Keremeos firefighters working night patrols as Snowy Mountain fire rains ash, embers

Keremeos firefighters will work night shifts as long as needed, patrolling for spot fires

Volunteer firefighters in Keremeos are eager to help as the largest wildfire in the province rages about 12 kilometres south of the village.

Jordy Bosscha said three firefighters will be working night shifts 9 p.m. to 7 a.m. as long as needed, patrolling for spot fires.

“As a firefighter it’s always hard to sit and watch,” Bosscha told the Review Wednesday.

Since BC Wildfire asked for volunteers to help with the Initial Attack teams, Keremeos firefighters have been clamouring to signup. The three-person crews work with BC Wildfire, patrolling in opposite directions to cover more ground. If they see something, they radio it in right away, so wildfire crews can quickly douse the spot fires.

Related: Breaking: 865 properties on evacuation alert, Snowy Mountain fire doubles in size

“It’s good everyone is willing to help. Everyone is jumping in, fighting over taking a shift. There’s no shortage of people wanting to help out with this,” he said.

Embers, ashes and chunks of burning branches are falling from the nearby Snowy Mountain, which at the time of this posting was 6,155 hectares in size.

Significant fire growth occurred overnight Wednesday to the east and north sides of the fire.

Bosscha said the three-person crew patrolling Wednesday night into Thursday morning did not see any spot fires start down in the valley floor in or around Keremeos. Bosscha said some firefighters are working the night shift and going into their day jobs the next morning depending on where they work and if they are needed.

“There’s no doubt about it, they are dedicated to this community.”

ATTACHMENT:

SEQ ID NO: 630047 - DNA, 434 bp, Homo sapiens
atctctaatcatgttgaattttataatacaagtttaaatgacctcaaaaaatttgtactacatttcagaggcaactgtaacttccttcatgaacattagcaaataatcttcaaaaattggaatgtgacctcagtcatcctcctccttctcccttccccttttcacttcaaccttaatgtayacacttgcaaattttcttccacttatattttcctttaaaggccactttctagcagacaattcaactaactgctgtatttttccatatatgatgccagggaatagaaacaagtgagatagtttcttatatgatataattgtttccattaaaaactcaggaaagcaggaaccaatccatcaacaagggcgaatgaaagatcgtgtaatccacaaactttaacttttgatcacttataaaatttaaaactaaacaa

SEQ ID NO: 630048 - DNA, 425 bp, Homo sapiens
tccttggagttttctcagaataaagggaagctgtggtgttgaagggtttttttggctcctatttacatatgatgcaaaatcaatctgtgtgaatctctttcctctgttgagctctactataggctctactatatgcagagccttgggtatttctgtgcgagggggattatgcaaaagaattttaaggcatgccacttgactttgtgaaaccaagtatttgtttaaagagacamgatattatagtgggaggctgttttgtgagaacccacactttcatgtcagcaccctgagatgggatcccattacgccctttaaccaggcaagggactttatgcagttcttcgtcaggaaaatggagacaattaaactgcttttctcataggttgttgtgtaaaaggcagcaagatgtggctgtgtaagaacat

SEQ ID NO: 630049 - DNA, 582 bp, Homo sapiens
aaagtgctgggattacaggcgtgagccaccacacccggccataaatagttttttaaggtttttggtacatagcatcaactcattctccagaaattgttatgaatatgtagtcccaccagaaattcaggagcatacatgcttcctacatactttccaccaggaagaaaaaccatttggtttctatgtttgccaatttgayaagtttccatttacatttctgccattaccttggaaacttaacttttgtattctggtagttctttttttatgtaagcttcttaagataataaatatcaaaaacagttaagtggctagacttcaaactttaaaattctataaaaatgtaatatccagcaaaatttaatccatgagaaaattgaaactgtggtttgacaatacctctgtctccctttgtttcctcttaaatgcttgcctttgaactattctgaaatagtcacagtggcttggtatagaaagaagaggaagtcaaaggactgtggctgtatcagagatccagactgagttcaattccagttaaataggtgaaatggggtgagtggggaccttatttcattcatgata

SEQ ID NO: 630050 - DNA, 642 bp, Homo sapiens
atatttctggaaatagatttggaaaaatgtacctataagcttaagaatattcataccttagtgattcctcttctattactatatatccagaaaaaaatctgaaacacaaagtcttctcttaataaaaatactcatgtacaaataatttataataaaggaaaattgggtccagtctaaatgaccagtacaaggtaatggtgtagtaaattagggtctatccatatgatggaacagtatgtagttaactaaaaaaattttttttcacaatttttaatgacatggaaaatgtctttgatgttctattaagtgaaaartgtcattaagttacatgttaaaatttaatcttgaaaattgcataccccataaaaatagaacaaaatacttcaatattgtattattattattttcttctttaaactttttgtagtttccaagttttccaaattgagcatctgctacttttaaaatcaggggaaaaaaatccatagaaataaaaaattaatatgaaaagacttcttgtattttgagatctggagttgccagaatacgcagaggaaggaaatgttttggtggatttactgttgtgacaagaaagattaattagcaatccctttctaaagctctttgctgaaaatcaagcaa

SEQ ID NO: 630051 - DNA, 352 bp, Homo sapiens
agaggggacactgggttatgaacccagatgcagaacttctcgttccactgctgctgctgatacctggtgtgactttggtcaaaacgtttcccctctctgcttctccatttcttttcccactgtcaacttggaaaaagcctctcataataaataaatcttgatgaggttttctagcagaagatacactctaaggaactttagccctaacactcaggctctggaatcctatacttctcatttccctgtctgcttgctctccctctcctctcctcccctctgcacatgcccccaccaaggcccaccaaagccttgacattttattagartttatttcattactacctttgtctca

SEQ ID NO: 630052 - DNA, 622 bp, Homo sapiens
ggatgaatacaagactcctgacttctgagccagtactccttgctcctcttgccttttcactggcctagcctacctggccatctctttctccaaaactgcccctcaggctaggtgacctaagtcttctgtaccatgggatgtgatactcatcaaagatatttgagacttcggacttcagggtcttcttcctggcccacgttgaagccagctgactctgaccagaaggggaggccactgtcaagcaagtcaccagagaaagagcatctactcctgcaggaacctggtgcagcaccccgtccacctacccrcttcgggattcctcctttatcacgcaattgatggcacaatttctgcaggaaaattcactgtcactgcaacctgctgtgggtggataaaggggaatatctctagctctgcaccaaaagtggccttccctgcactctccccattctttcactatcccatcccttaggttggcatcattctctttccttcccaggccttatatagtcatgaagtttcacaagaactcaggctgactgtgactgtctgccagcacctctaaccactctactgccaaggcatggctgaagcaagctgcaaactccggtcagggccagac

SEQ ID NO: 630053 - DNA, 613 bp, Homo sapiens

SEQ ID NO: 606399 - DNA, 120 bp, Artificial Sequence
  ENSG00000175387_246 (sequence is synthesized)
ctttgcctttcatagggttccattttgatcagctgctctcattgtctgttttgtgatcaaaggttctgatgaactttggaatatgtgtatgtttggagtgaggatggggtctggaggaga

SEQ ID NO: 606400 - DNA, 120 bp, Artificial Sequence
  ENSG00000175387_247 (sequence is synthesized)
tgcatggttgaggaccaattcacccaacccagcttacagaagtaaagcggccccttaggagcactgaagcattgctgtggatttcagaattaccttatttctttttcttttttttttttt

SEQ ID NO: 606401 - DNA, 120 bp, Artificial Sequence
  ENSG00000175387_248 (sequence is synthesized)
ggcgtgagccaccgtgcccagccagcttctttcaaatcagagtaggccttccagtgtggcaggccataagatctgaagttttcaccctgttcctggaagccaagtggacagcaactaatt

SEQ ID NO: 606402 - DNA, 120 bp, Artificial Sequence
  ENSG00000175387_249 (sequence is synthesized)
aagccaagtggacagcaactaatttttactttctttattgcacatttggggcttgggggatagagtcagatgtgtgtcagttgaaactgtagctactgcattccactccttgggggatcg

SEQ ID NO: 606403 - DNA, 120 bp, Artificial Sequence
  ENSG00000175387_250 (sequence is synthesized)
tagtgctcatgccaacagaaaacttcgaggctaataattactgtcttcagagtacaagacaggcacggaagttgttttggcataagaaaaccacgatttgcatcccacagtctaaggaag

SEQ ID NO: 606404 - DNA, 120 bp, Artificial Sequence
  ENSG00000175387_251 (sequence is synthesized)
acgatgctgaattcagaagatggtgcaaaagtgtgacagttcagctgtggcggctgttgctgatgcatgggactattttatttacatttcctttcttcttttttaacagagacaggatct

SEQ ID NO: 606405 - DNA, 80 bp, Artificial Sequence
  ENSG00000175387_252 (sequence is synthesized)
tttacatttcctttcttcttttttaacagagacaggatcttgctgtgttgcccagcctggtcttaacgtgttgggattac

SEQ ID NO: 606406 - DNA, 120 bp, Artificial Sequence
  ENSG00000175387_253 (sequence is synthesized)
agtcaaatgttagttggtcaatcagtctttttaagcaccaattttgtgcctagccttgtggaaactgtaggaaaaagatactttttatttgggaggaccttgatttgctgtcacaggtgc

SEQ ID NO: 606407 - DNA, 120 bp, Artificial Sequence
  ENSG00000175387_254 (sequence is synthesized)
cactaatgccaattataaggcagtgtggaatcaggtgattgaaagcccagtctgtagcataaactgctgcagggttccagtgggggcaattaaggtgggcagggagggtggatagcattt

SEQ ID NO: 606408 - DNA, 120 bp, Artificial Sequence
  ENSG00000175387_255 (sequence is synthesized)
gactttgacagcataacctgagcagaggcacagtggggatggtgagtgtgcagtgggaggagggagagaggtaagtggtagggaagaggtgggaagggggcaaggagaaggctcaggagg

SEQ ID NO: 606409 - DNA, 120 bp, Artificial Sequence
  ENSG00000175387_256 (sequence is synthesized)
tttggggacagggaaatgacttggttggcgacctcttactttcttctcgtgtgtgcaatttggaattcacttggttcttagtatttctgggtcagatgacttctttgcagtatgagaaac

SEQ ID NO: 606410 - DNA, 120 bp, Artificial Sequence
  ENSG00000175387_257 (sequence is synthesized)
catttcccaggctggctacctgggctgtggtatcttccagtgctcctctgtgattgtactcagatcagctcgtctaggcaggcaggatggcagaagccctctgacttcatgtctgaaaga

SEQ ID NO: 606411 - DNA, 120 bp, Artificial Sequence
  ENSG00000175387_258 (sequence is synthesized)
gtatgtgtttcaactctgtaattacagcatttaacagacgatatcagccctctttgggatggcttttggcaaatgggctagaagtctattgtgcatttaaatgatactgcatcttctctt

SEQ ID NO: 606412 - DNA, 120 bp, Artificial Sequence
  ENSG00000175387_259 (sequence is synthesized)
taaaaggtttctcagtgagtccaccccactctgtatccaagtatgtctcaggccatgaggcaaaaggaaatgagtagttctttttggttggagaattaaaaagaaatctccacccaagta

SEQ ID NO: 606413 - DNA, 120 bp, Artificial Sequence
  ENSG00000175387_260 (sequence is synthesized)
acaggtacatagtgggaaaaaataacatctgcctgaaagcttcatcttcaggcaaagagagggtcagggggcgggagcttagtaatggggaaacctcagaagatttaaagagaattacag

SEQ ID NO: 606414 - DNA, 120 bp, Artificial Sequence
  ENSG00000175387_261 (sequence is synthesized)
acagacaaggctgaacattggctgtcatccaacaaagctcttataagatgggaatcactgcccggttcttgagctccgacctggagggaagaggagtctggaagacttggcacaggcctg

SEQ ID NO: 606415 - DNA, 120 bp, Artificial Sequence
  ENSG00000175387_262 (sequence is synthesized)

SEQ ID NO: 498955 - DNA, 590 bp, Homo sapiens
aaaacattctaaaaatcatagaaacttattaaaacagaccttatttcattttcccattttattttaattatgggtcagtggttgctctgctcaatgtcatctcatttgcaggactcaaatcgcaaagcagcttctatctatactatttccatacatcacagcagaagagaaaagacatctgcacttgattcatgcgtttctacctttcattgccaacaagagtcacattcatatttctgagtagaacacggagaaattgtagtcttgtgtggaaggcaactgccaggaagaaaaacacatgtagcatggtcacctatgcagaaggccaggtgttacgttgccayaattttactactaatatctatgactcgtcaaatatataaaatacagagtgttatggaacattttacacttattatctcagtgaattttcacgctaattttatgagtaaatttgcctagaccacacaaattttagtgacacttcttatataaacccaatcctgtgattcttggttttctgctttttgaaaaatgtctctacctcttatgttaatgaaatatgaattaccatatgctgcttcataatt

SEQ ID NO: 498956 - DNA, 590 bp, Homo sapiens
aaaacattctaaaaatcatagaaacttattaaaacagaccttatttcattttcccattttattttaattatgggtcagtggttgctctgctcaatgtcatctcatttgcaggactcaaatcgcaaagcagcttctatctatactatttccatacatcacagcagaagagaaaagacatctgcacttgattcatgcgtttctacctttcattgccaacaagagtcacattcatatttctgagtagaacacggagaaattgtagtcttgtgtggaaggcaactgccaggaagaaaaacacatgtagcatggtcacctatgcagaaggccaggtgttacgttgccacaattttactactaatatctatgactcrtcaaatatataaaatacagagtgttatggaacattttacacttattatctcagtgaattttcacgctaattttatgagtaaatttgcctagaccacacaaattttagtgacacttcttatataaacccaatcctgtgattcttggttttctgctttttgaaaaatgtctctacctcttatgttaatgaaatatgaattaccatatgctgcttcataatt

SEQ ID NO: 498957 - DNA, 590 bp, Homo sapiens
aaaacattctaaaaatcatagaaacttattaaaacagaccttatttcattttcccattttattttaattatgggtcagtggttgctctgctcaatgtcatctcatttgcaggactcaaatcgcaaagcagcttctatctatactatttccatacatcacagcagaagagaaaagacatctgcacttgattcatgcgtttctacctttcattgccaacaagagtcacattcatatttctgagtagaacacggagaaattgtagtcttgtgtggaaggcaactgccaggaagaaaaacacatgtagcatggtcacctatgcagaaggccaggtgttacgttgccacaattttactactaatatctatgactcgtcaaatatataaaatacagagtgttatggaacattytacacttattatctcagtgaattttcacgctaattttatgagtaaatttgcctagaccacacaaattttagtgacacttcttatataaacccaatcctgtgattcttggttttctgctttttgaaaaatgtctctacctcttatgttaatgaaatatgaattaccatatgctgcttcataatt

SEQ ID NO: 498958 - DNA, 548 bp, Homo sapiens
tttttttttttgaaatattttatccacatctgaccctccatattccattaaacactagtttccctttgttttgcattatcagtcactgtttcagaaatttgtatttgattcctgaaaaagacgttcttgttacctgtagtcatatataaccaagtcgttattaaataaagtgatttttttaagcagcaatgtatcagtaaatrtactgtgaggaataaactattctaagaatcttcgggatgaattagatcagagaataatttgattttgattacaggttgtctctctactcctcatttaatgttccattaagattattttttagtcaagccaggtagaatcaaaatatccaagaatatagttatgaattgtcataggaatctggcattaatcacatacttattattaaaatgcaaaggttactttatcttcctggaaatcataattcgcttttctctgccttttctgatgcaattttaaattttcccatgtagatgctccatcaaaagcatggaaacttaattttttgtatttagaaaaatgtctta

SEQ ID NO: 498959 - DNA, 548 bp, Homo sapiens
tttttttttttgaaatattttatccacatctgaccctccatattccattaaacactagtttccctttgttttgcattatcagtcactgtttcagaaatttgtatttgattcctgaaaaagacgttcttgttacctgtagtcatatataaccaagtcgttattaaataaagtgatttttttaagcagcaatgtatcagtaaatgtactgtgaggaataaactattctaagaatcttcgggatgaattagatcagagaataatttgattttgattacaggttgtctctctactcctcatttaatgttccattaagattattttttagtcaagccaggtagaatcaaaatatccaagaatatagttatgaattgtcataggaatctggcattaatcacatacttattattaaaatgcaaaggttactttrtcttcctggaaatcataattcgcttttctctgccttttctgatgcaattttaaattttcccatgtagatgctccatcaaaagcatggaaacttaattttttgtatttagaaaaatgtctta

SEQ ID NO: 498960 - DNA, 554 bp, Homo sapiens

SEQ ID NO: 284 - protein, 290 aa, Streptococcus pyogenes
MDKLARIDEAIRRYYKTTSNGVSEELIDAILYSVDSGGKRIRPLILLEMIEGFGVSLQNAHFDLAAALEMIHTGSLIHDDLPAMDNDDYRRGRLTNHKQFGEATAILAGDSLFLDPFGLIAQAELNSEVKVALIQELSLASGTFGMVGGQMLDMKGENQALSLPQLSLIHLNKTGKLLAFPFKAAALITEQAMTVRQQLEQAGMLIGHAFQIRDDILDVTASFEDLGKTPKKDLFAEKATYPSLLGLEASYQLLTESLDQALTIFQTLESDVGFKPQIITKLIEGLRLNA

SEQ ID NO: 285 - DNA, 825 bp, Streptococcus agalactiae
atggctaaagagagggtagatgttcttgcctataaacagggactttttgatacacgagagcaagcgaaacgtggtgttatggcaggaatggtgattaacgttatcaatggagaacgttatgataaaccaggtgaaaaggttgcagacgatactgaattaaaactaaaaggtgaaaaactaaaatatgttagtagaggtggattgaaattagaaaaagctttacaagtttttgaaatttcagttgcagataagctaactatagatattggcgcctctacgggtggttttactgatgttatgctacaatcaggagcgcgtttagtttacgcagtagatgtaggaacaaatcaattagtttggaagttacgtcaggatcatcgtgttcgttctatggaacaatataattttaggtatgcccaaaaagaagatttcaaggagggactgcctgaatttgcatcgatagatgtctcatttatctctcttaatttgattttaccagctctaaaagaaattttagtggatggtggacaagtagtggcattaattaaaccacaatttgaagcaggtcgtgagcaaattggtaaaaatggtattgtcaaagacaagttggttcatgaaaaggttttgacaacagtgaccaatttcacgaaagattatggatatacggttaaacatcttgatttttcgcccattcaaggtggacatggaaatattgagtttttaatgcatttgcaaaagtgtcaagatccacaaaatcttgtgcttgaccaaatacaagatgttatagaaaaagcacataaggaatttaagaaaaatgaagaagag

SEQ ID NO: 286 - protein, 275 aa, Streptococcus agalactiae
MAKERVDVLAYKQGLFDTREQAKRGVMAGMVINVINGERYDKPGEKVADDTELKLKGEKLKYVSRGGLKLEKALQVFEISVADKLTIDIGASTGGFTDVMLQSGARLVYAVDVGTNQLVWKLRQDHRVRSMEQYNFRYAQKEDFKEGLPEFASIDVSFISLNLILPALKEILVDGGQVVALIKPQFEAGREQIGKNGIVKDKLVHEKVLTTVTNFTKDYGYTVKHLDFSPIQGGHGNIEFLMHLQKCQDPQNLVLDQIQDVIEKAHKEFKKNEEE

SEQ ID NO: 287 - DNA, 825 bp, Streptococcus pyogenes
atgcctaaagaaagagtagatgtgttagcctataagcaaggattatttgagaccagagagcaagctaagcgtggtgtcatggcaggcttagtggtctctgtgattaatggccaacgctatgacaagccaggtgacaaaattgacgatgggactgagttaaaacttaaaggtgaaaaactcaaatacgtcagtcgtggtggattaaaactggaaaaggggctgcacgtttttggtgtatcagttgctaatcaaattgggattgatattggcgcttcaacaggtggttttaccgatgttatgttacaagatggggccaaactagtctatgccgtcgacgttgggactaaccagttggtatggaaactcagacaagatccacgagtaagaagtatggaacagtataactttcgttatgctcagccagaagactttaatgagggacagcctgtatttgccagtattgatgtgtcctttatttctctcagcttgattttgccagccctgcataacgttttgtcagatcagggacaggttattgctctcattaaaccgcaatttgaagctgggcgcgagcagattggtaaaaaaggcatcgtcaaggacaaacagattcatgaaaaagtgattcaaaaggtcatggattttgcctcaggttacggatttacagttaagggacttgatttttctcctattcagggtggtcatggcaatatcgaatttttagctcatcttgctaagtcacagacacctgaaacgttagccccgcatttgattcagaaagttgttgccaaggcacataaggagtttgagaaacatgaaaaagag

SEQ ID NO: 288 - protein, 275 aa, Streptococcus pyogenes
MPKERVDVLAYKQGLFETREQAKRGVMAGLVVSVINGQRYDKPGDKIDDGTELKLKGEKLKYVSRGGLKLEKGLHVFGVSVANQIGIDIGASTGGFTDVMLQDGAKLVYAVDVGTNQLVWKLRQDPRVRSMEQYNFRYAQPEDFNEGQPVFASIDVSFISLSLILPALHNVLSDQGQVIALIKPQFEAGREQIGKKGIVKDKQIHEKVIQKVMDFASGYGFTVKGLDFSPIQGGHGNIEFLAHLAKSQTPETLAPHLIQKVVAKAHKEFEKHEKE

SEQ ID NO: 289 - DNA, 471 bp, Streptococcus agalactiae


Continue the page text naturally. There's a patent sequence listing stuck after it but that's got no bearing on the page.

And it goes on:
Currently, 384 property parcels have been placed on alert within Keremeos and 481 properties in rural Keremeos and Cawston areas.

Some properties in the Lower Similkameen Indian Band are also under evacuation alert.

An Evacuation Order was issued for Cathedral Lakes Lodge, not because of the Snowy Mountain Fire, but due to the Placer Mountain wildfire. The Placer Mountain fire is burning about 36 kilometres southwest of Keremeos in high elevation and was listed at 2,336 hectares in size at the time of this posting.

The lodge was evacuated because of concerns there might not be road access.

Related: Breaking: Evacuation Order and State of Local Emergency issued for Placer Mountain fire

Bosscha, who is also the village’s public works manager, urged everyone not to panic, but be prepared.

“It’s precautionary the alert, It’s precautionary to give you the heads up to start thinking about the things you want to pack up and get ready to go just in the chance things go south on us,” he said.

He also suggested for everyone, in the evacuation alert or not, to take sometime and look around their homes and reduce the risk of fire.

“The biggest thing for me is the tall grassy fields, and cedar hedges are like a gallon of gas just sitting their waiting,” he said. “When I think back to the 2003 Kelowna fire that the biggest thing for me and with bark mulch it creeps underneath and then comes up 10 feet over and then creeps up somewhere else,” he said.

Public works crew for the village has been out patrolling public areas during the day this week looking for areas that might pose a risk and clearing potential fire hazards.

Bosscha noted in all his years, he hasn’t seen a fire quite like this in the Keremeos area.

“We’ve had a number of fires back behind the K (mountain) and back the Ashnola, plumes of smoke and ashes coming down, but nothing as close as this,” he said.

He said the department is always looking for volunteers and the five student firefighters graduated last year and there are openings for high school students.

Anyone interested can pickup an application at the village office anytime or the fire hall on Tuesdays from 6:30 p.m. to 7:30 p.m. during weekly practice.

To report a typo, email:
editor@keremeosreview.com
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@TaraBowieBC
editor@keremeosreview.com


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